Why We Chase Happiness

Seems like a perfect day to think about what makes you happy. Happy Happy Day!


Since this is phase 2 of my blog, I thought I’d add something a little different than what you are used to seeing from me. Don’t worry, I’m sure I go back to the deep depths of my soul in the not too distant future. But in the meantime, I wanted to add a little psychoeducation to the mix.

In my work in Behavioral Health, I am the Psychoeducation Nazi. Ask anyone who works with me and they will confirm my insistence that you cannot make real change without first understanding why you need to do it in the first place. For example, many of the parents of children with developmental disabilities or behavioral disorders that we work with have not been given vital information about their child’s diagnosis on the most basic levels. For example, individuals diagnosed with Down’s Syndrome lack developmentally appropriate impulse control. It’s part and parcel…

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Remembering My Mother 4 Years Later

Just like June for the last 33 years of my life, March has now become a month that sneaks up on me quietly, with a tension that builds as the days pass. My mother lost her battle with lung cancer on March 26th, 4 years ago, the same day Stephen turned 42. Just like last year, I thought there was nothing left to say; at least not in blog format. And yet, it’s March 5th and it’s weighing heavily on my mind.

I let myself “go there” today while the snow fell. I replayed those last days, the last night and the morning after. I thought hard about how well my mother knew me. She knew my limits and was selfless to the bitter end. My mother ordered me to leave the hospital in a brief moment of lucidity in the midst of liver failure, days before she came home to die. Two days later, on the day before she came home, she and I had one of the most intimate moments I had ever spent with my mother. Not understanding the process of “letting go”, I mistook this calm, upbeat surge of energy to mean we had time. We did not, but we had one of the best conversations of my life. There was nothing extraordinary in the dialogue, instead, my mother, the one I knew before cancer, had returned briefly and we spent the day talking about nothing. I had hope. Today, I realized that she may have done that just for me.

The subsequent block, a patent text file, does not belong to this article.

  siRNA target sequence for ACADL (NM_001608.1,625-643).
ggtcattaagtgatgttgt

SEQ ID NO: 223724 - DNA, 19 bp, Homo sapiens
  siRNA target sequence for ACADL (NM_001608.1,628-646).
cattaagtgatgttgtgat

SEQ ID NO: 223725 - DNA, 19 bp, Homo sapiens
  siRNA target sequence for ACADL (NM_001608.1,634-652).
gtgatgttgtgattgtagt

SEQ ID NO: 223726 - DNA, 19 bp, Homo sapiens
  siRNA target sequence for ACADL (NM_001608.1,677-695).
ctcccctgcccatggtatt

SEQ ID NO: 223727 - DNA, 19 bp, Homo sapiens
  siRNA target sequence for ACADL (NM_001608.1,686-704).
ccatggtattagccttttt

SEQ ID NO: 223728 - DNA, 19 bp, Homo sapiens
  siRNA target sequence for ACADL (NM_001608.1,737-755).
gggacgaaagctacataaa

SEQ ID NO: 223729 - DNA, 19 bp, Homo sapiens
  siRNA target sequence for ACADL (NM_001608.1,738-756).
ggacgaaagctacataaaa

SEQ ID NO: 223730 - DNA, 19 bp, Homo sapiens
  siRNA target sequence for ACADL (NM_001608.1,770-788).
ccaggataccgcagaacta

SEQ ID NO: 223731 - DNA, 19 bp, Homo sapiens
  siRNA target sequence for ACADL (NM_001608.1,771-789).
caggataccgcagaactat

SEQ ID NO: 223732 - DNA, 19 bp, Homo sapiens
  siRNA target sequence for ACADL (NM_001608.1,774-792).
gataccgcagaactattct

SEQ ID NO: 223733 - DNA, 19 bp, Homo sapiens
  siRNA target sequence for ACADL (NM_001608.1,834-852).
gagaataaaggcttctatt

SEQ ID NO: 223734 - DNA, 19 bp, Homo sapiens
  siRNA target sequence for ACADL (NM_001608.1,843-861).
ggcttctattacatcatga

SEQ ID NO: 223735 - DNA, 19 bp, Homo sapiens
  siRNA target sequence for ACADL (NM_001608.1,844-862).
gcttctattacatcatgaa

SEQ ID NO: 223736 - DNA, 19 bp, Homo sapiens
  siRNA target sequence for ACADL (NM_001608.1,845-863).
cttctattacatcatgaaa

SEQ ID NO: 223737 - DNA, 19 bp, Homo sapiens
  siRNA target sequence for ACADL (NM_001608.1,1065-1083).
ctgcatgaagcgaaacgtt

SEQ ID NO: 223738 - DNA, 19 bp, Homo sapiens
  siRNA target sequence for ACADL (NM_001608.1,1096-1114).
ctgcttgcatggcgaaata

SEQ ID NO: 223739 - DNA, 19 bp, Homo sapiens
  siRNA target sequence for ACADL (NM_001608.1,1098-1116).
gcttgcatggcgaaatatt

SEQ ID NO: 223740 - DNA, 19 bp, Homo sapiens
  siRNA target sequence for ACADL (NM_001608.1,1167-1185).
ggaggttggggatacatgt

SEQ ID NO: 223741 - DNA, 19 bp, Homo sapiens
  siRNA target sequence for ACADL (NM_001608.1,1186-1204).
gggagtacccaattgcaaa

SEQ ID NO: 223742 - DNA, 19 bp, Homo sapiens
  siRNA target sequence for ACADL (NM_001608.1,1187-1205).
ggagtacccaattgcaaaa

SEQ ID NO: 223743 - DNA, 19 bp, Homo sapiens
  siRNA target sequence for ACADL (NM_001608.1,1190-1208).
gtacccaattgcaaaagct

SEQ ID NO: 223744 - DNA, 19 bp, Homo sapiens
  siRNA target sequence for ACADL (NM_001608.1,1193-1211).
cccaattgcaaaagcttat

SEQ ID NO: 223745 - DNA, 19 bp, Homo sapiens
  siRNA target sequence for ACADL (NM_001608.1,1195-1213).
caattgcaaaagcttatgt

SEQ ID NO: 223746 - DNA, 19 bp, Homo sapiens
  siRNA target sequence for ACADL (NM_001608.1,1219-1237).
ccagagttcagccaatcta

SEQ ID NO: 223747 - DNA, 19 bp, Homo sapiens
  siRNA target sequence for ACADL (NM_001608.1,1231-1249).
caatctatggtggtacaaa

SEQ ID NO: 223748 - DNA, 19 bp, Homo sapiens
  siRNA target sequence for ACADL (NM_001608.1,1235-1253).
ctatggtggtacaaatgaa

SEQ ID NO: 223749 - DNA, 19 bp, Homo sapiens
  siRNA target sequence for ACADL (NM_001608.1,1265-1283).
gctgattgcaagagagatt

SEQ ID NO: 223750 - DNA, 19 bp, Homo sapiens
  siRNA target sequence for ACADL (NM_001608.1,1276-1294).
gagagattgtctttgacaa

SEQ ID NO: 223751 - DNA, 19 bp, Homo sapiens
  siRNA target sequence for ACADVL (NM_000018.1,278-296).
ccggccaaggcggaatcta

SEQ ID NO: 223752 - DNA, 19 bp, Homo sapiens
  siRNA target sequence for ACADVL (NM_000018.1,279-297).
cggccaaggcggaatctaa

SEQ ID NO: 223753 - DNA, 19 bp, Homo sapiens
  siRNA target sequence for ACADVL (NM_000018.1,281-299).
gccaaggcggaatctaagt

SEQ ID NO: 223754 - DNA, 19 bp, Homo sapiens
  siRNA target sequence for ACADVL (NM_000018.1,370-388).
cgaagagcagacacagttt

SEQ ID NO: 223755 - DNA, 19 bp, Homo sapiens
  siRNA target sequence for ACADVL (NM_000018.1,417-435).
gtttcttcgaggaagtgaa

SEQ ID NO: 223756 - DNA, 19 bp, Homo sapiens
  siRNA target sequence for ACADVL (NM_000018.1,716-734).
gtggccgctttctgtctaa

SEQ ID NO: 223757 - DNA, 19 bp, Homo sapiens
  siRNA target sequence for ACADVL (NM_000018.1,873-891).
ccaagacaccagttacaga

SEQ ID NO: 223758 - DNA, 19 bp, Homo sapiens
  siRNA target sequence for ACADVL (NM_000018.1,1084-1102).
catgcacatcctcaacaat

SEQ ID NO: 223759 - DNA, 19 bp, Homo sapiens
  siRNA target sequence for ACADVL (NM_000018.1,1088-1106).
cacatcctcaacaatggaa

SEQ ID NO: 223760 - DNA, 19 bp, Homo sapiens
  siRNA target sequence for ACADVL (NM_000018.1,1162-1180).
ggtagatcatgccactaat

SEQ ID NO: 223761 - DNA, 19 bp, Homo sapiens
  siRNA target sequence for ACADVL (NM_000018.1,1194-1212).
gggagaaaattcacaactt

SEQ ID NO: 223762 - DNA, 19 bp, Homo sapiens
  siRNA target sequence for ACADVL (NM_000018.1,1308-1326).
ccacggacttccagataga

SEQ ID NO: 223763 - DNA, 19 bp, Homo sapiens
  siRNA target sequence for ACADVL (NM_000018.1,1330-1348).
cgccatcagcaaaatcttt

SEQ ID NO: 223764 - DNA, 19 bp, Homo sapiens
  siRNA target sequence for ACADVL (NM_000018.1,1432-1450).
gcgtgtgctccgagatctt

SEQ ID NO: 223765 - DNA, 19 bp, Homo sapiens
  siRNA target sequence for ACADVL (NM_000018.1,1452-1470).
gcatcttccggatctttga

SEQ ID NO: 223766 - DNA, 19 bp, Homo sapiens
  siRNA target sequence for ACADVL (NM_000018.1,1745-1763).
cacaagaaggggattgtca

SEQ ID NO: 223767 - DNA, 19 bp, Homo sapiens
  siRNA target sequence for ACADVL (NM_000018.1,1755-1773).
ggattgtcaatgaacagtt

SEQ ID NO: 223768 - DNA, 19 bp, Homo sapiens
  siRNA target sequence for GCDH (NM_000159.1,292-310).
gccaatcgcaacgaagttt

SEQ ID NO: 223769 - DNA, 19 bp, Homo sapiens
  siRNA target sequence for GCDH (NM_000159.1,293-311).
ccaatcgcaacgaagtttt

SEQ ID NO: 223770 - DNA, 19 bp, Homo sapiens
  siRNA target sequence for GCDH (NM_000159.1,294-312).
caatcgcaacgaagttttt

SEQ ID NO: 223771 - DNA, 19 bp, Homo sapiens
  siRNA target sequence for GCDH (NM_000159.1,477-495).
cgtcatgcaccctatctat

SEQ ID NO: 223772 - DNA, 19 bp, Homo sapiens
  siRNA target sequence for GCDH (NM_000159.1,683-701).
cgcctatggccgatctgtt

I thought about that terrible night when death was imminent and my mother used her last words to tell me to stop. Stop crying. Stop cussing. Stop freaking out. I was being me and my mother was being my mom. She also let me leave before she died, giving me permission to be that scared little girl that I’ve been ever since that June day, 33 years ago.

I thought about the next morning. Apologizing to Stephen for ruining his birthday. Walking back in to see my mother finally at peace. Calling my friends and listening to them cry with me. Letting myself make an ass of myself in public that afternoon when I fell into my friend Steve’s arms in front of a group of strangers. Thank God for my friends. They have done more than they will ever know.

Tonight, my sister told me things I never knew about the morning my mother died. Things I’m so glad I never knew or saw at the time. I had a brief moment of guilt because I missed every single second. Then I remembered my mother. She knew me well enough to never want me to see it. And for that I’m eternally grateful for my mother. I’m thankful that in the end, my mother gave me permission to be me.

Four years later, I can be brought back to those moments like it was yesterday. The feelings come to the surface easily and with no other notice than the month of March.